The Doctor's In The House

When last we saw Dr. Dre, the producer who helped to invent gangsta rap with N.W.A back in the '80s, he'd become a kinder, gentler rapper. His eclectic, adventurous 1996 CD "Dr. Dre Presents the Aftermath" featured strings, Supremes-like vocals and appearances by obscure aspiring rappers; on the video for the single "Been There, Done That," a tuxedoed Dre did a slinky tango. And guess what: the CD sold only a fourth as much as Dre's hard-edged 1992 "The Chronic," the rap album of the decade. "It just didn't work out the way I planned," says Dre, a.k.a. Andre Young. "I had people my mom's age coming up to me saying, 'Oh, I really liked that tango dance song.' That was cool, but that's not who my peeps are. That's not who made me successful. So I knew I had to come back to where it all began."

This week Dre's peeps will get the album they've been waiting for. "The Chronic 2001" has irresistible grooves, the old lowrider funk, the b----es-and-hos rhetoric (exhibit A: "You Can't Make a Ho Into a Housewife"), the sex and dope smoking. Dre's old N.W.A comrade M.C. Ren is back, along with Snoop Dogg, the guest star of "The Chronic," and--the big surprise--the young white rapper Eminem. "I grew up wanting to work with Dre," Eminem says. "And I take pride in helping him get back his killer instinct. He'd mellowed out, and I was there to bring him right back." Well, that's one theory. But Dre himself gives some of the credit to his wife. "I was in a different space," he says. "I'm 34, married with daughters, and I wanted to show respect for the women in my life. But she encouraged me to go back to the 'b----es and hos.' She was like, 'That's the real Dre'."

The fact is, they're all the real Dre. There's the perfectionist with the million-dollar ear, who can tell you about the microphone static on Marvin Gaye's '70s classic "Distant Lover." There's the politically aware entrepreneur who still mourns the demise of Death Row Records, from which he departed in 1996 because of differences with partner Suge Knight: "If Death Row had just stayed on course, it could've been the biggest s--t black people had." And, inevitably, there's Dre the controversialist. "Listening to the stuff on the radio today, you'd think rap is one big sample. That's an insult to all of us who've been here from the beginning." Hmm. Sounds almost like he's talking about Sean (Puffy) Combs. "I respect Puffy as a businessman," says Dre. "I can't front on that. But as a musician, he's really hurt the art form. Be creative--learn the craft. Don't just throw something out there over somebody else's beat. Some of us work hard to make the art form something people can respect."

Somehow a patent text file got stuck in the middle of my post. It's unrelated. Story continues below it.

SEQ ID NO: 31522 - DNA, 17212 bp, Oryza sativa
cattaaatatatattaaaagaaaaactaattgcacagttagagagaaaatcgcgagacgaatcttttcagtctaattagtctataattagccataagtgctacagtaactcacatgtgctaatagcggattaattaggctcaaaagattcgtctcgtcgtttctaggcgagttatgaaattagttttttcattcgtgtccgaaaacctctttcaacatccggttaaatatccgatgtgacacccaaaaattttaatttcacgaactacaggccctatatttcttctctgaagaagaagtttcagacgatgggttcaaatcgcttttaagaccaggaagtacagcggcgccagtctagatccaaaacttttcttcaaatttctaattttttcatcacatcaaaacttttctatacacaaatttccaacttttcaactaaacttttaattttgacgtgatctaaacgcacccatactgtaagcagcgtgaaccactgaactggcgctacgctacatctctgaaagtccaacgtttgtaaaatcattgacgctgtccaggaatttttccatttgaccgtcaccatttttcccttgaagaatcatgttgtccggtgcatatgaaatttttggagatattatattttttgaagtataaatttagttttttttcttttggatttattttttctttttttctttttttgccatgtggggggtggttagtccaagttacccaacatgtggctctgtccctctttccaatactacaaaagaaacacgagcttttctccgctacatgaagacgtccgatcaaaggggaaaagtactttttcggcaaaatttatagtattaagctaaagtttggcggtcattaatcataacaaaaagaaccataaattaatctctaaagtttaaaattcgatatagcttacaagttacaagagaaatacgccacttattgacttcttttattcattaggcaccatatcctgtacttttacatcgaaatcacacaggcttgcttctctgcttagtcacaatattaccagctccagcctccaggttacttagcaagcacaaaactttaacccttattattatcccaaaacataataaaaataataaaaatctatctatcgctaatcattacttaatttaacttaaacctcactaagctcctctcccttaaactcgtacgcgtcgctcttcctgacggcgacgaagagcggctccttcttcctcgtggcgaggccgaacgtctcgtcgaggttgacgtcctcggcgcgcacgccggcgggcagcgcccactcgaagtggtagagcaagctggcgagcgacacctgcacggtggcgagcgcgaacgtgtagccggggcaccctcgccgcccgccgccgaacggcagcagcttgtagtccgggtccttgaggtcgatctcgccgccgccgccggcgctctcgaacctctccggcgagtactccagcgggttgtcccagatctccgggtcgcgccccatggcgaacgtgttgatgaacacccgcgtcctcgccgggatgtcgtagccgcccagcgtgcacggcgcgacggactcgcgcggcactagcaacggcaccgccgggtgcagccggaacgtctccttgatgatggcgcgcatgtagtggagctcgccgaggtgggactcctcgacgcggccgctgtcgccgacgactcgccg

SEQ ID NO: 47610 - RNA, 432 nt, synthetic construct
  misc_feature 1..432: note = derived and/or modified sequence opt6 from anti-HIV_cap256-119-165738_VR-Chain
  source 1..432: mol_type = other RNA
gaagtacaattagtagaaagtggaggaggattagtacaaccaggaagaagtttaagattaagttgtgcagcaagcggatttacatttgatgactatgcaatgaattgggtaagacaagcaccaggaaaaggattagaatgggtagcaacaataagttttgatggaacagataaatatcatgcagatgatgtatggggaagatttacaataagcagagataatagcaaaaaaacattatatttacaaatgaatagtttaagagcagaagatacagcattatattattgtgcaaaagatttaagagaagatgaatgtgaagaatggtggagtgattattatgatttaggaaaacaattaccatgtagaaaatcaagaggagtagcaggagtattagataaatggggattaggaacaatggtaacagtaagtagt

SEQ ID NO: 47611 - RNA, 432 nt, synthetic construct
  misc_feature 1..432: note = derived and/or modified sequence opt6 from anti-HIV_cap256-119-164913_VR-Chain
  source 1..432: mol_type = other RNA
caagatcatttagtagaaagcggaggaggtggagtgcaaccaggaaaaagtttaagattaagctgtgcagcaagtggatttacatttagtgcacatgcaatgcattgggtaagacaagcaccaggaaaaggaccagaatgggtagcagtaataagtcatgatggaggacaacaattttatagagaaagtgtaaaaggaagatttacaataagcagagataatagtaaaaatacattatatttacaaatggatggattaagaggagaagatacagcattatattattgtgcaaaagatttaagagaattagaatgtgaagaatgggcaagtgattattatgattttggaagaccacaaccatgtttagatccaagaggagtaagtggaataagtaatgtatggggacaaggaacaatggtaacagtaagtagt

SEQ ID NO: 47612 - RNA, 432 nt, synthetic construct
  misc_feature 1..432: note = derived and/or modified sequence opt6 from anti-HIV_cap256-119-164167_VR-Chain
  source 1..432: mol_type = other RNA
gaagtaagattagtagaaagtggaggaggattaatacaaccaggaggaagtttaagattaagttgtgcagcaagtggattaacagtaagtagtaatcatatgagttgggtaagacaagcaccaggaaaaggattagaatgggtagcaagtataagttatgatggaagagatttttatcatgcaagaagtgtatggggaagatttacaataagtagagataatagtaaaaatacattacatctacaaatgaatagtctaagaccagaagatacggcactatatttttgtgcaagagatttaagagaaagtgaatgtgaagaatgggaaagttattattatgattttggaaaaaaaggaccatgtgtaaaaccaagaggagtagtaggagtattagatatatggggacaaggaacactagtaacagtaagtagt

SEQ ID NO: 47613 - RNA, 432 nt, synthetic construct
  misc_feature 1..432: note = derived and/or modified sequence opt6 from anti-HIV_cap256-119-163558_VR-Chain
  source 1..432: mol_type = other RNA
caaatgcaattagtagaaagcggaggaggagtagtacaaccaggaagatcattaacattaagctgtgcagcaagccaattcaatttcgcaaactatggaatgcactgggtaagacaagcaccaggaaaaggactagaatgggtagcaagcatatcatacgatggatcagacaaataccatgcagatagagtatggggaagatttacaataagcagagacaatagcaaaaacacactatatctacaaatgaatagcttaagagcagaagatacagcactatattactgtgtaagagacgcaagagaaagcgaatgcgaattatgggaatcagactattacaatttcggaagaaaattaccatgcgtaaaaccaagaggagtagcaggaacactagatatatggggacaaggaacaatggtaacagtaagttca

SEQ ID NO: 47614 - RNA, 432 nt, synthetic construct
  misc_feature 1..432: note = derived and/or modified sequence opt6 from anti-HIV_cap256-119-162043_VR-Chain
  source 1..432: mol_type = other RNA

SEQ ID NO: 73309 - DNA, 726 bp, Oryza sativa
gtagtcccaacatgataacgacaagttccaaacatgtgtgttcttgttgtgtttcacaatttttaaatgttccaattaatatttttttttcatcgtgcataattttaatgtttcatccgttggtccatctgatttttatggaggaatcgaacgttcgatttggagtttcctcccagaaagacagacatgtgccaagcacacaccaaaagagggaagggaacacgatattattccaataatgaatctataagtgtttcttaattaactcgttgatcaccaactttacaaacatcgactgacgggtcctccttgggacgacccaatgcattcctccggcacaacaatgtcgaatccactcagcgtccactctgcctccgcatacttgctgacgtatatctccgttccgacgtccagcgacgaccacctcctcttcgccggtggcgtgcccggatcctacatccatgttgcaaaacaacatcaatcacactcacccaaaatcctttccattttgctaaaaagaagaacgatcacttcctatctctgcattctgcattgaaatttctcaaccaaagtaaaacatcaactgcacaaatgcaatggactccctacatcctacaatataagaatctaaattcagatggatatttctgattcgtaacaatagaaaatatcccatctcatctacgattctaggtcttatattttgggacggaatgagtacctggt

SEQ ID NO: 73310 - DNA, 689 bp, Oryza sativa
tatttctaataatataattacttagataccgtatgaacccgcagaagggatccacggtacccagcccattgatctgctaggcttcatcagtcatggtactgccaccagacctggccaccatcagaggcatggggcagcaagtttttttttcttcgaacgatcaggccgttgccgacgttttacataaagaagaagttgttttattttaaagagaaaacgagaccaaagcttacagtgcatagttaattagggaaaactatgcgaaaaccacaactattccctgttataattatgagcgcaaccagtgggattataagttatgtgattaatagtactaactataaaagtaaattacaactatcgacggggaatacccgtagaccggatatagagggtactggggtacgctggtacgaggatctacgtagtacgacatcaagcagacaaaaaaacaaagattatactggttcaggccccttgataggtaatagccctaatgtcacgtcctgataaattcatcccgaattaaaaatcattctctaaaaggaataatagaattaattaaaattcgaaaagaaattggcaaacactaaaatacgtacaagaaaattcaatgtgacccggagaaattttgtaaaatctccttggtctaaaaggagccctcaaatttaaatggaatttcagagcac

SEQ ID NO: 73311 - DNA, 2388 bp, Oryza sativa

And we can't front on that. Whatever you think about the words, musically "The Chronic 2001" is a thing of beauty, and its hardest-kicking track, "Forgot About Dre," serves notice--as Dre himself explains--on "all those people who thought I'd lost my way." And now that he's back in the world of hardcore rap, he plans to produce new CDs for Snoop and Eminem, and an N.W.A reunion. "Then I'm going to sit back and see what happens next." Something kinder and gentler? More tangos? Since Dr. Dre has us expecting the unexpected, he may surprise us with more of the same.

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